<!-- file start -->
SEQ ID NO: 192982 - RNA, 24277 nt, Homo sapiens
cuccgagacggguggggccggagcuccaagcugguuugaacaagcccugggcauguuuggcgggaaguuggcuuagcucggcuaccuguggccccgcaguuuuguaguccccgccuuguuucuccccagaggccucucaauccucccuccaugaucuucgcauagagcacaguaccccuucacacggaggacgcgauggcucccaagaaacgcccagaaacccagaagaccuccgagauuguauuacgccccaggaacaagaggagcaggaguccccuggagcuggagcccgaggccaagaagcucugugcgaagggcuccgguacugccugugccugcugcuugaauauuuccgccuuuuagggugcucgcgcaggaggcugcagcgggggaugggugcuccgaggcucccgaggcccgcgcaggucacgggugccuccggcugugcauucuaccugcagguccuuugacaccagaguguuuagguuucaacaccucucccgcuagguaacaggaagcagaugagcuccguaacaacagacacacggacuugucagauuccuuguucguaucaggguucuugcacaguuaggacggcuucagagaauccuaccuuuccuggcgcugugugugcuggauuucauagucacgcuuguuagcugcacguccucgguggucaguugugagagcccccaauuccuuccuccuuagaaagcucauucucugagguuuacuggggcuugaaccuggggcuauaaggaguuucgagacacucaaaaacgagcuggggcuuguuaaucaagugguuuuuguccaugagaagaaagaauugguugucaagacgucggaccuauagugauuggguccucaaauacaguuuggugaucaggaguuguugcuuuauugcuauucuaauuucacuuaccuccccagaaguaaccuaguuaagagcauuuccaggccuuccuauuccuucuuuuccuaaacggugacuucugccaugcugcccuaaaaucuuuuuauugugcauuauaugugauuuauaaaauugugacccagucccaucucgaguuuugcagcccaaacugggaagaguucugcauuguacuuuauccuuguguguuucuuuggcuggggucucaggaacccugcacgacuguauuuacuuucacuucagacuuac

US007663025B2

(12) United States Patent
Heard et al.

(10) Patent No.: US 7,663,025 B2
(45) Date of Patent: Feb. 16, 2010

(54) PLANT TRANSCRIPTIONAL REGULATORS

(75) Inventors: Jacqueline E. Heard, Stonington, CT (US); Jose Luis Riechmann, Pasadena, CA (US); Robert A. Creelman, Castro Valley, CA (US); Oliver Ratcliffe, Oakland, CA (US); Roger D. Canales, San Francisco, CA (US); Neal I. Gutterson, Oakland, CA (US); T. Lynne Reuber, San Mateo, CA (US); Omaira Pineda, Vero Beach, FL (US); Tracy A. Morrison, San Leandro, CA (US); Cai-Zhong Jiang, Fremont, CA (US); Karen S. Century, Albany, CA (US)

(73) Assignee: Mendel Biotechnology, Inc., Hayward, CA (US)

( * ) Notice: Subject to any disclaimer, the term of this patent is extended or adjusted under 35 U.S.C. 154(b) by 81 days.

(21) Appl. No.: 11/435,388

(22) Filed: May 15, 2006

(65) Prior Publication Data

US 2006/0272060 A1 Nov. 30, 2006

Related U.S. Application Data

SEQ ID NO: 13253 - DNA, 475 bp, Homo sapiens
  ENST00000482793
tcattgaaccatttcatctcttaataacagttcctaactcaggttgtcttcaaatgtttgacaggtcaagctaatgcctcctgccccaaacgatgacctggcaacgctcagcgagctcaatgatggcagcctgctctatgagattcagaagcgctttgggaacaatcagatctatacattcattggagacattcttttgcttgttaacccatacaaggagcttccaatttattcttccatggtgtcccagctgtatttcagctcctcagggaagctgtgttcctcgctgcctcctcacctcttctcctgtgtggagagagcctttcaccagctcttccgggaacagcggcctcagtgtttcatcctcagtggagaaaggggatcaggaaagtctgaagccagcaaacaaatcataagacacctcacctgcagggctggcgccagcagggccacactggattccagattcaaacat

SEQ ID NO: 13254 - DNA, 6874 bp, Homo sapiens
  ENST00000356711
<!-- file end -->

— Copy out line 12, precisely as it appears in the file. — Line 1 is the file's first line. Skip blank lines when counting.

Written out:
(21) Appl. No.: 11/435,388